I agree with the points made that proper fuel rotation or storage additives are a vital but often neglected part of managing a back-up generator. I label each fuel can with the date it was filled so I know when it's time rotate it out. Also, we all must consider the potential for future uncertainties where fuel may be difficult to obtain and have a plan to cope with that possibility. Choosing the right generator is a very individual choice since each person will have their own unique needs and circumstances. Thanks for giving us your thoughts Nick and giving us this forum to discuss our experiences.

  • Avatar

    Jeff M.

    Reply Reply June 4, 2017

    I know this is rather long but it's full of information. You are welcome to use it, edit it or not print it at all.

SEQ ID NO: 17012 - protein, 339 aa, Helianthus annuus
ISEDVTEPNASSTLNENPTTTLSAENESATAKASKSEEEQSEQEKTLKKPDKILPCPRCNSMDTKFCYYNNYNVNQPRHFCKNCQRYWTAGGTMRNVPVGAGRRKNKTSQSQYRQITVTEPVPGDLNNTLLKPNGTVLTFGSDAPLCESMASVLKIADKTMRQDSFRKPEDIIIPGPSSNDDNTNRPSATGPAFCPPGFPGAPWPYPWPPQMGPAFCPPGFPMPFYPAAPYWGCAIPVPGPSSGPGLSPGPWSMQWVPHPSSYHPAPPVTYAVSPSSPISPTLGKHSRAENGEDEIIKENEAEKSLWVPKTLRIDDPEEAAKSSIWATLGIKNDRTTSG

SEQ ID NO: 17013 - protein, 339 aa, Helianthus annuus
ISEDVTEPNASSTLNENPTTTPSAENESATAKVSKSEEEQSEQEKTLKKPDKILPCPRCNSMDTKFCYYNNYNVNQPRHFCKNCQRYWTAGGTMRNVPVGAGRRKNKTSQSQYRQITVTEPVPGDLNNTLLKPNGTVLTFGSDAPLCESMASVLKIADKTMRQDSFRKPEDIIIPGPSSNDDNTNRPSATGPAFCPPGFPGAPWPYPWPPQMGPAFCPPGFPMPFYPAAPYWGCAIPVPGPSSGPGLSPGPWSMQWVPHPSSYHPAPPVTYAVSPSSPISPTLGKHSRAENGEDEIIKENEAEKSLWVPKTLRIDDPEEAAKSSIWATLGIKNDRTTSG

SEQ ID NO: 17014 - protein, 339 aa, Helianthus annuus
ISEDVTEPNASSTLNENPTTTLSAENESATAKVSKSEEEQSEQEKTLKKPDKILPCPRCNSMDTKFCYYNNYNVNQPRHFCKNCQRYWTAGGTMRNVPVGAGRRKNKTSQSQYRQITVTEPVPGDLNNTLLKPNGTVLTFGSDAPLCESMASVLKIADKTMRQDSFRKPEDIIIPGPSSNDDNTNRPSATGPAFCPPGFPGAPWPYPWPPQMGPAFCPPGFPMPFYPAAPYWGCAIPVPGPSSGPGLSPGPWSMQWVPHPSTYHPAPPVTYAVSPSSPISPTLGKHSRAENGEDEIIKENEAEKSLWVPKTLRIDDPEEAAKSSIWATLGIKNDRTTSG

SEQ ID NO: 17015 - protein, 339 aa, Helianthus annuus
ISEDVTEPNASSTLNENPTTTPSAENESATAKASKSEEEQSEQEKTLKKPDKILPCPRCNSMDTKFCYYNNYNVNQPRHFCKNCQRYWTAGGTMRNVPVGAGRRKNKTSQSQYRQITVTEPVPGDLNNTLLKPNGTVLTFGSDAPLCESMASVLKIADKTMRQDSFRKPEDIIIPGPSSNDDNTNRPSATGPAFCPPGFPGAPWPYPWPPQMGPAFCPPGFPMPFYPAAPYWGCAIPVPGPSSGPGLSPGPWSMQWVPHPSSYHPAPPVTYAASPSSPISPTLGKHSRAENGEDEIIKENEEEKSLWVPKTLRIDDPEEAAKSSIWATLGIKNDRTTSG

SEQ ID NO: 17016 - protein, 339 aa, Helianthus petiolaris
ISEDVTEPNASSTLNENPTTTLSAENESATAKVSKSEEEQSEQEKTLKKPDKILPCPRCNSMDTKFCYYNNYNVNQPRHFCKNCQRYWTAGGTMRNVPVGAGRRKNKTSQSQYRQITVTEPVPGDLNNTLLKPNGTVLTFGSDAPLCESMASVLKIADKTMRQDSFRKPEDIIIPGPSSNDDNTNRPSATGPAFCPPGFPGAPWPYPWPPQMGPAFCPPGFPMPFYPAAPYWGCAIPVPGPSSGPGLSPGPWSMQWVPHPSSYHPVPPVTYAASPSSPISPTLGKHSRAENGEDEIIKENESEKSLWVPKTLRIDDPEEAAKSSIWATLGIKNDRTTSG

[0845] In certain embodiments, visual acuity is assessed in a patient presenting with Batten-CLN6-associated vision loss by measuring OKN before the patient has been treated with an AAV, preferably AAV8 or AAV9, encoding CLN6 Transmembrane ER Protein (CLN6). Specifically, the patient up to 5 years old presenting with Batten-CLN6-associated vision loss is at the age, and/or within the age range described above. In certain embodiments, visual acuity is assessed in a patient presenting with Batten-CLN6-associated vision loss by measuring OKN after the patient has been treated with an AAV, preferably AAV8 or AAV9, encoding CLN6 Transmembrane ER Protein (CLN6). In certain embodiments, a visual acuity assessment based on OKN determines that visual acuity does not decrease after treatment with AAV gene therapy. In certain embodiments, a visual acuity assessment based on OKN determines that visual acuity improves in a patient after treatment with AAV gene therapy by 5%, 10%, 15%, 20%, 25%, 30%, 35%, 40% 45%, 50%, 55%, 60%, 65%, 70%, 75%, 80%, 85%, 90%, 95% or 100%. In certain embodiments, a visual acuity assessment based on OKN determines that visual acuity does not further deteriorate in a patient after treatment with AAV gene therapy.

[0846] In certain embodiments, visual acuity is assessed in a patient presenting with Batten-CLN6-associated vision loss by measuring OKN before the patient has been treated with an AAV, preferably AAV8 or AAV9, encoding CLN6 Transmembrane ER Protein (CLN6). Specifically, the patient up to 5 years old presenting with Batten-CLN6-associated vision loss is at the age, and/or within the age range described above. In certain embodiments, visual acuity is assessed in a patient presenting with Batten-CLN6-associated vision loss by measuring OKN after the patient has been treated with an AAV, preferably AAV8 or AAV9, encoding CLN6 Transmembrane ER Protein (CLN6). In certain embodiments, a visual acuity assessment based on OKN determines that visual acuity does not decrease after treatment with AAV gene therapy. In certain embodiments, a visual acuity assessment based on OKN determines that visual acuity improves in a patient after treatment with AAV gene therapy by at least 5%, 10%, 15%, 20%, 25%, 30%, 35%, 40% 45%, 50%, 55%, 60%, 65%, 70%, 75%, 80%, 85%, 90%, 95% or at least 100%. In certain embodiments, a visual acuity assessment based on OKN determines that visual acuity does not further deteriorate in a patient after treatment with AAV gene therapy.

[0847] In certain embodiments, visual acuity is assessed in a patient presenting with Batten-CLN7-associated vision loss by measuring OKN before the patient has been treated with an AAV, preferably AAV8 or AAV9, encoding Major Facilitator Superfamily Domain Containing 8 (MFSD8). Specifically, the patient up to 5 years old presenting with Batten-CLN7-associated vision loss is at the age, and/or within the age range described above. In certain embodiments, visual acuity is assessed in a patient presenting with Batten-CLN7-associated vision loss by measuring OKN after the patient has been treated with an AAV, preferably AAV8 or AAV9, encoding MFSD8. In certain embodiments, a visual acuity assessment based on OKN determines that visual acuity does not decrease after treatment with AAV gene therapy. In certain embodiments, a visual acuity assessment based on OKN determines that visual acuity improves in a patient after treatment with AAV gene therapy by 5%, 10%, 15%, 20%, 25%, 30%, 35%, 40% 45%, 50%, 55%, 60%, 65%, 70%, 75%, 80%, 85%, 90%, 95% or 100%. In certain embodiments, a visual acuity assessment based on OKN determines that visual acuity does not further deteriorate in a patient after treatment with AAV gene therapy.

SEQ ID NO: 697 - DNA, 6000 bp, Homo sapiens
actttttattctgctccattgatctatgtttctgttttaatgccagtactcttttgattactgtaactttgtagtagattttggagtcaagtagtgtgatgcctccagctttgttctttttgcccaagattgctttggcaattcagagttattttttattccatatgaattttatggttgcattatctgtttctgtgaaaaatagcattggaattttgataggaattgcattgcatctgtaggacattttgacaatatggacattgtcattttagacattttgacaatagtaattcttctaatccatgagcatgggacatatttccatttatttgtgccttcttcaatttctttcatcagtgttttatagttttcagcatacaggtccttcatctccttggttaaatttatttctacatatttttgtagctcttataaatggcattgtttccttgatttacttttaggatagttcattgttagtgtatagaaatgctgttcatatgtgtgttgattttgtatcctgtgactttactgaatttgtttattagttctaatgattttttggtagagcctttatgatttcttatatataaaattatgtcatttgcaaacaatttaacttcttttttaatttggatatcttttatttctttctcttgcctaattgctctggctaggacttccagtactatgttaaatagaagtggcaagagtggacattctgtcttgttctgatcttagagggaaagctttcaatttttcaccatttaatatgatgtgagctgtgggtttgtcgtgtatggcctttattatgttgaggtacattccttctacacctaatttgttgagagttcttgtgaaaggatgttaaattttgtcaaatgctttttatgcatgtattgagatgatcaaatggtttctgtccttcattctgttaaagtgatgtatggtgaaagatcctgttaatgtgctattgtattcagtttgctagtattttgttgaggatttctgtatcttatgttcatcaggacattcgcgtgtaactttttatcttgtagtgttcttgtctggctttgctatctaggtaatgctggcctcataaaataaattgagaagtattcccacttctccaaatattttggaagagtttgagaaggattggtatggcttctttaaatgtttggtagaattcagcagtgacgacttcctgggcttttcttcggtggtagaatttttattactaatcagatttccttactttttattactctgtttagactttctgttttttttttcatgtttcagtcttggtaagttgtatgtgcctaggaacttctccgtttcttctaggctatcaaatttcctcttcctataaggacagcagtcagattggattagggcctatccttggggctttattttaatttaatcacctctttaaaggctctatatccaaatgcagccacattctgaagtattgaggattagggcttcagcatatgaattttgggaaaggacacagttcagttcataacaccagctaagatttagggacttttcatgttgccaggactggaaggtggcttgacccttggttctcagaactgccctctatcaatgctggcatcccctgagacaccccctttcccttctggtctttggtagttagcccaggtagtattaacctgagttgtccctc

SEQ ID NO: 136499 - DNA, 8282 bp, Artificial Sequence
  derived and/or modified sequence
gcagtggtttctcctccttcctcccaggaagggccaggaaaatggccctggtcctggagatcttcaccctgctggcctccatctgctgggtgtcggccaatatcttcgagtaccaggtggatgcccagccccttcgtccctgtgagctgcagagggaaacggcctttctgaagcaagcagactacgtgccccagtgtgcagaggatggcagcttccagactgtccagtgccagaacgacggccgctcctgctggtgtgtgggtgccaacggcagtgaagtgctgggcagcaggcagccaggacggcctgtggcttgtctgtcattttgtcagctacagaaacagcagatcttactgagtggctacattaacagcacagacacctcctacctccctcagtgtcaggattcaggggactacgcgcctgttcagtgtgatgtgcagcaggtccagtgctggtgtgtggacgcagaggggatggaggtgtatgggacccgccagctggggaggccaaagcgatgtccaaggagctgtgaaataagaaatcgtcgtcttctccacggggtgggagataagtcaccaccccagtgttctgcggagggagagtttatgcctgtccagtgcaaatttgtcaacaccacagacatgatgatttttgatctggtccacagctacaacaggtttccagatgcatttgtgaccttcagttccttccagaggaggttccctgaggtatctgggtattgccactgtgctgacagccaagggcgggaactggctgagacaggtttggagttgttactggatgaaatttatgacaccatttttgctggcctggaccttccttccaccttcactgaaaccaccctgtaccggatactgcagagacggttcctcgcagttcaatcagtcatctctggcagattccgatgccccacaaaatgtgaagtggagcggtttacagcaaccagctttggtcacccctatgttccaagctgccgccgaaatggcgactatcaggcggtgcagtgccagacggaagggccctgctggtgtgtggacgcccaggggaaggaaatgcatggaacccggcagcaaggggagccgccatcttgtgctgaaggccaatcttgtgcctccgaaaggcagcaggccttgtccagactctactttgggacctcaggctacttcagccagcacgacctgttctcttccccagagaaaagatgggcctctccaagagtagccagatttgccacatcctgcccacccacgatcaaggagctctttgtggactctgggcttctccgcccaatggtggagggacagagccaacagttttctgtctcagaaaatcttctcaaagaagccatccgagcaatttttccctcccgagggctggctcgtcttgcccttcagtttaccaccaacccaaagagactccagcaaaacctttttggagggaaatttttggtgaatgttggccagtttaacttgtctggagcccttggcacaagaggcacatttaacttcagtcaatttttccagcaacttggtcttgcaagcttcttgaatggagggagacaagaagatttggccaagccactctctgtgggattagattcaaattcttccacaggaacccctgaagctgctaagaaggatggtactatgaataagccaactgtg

I bought a new Coleman 5KW generator with a 10HP Tacumseh engine, (Which is out of business now.), from Sam's club in 1998 while living in Florida. Even with all the storms there, we actually never used it. We moved into a new manufactured home in West Virginia in the summer of 2001 and it took 3 weeks to get our power hooked up. We ran that generator 24 / 7 for those 3 weeks to run fans, freezer, refrigerator, window A/C, TV's for the kids and ourselves ect. Gas was $.69 a gallon so fuel cost wasn't an issue then. I went through 12 Qts. of oil for 20 oil changes in that time but it was well worth it. At 1/2 load, it would run 12 hours on a 5 gallon tank of gas. Where we are, we can't get natural gas without paying for a main trunk line too. That generator ran everything that we needed then and it had a fairly clean signal. I hooked it up from the 240 VAC twist lock plug out through into the meter box on the house so it would drive both sides of the breaker box and the house at 120VAC each. The only place where we ran into trouble was if the freezer and fridge were both running when I turned on the coffee pot. The voltage and frequency regulation was strictly by the engine speed governor. If I lugged the engine below the full governor speed, the AC frequency would drop below 60HZ as would the voltage drop below 120VAC. Both are really hard on compressors, motors and electronics. I went crazy for years when the power went off, running around the house with a volt meter whenever my wife would cook meals using 2 or 3 hot plates or I wanted coffee. If we shut everything off, we could even make a tank of hot water as it was a 240VAC X 3.5KW tank. About 7 years ago, I inherited a moderate sum of money with which I bought a good used car and a new Troy Bilt generator. About the same time, I was scheduled for another back surgery and knew that I wouldn't be able to pull start that 10HP engine anymore. I bought a larger 7KW unit as it was the smallest one available to me with electric start. It has a 5 minute overload capacity of 10.3KW, and has better regulation than the Coleman unit had. It comes with a "wall wart", (transformer), trickle battery charger that the directions say to leave plugged in full time as it shuts itself off when the battery is fully charged. The Chinese made 12VDC X 18AH gel cell starter battery finally died after 6 years. Lowe's, where I bought the unit, wanted $95.00 for an exact replacement. I was able to buy a 22AH physically identical, American made, replacement from Amazon.com for $44.00 plus free shipping. I have the unit's output wired into my house now through an isolation circuit so that when the power goes off, which it often does especially in the winter ice storms, all I have to do is flip a few switches to isolate my system from the mains and flip another to start the unit up. It's stored and ran in my DETACHED out building which I wired with 8 gauge copper wire into my main panel for this reason. NEVER, EVER run a generator in a garage or room that is attached to your house regardless of how well you think it's sealed as carbon monoxide can still seep into the living area unnoticed and kill you. My secret is your secret. MAINTENANCE! I change the oil spring and fall whether they run or not as motor oil will absorb moisture out of the ambient air. This combines with sulfur in the oil to make a weak sulfuric acid which is rough on aluminum engine parts and bronze crankshaft bushings. They run no more than 40 hours between oil changes. Good night, Jeff M.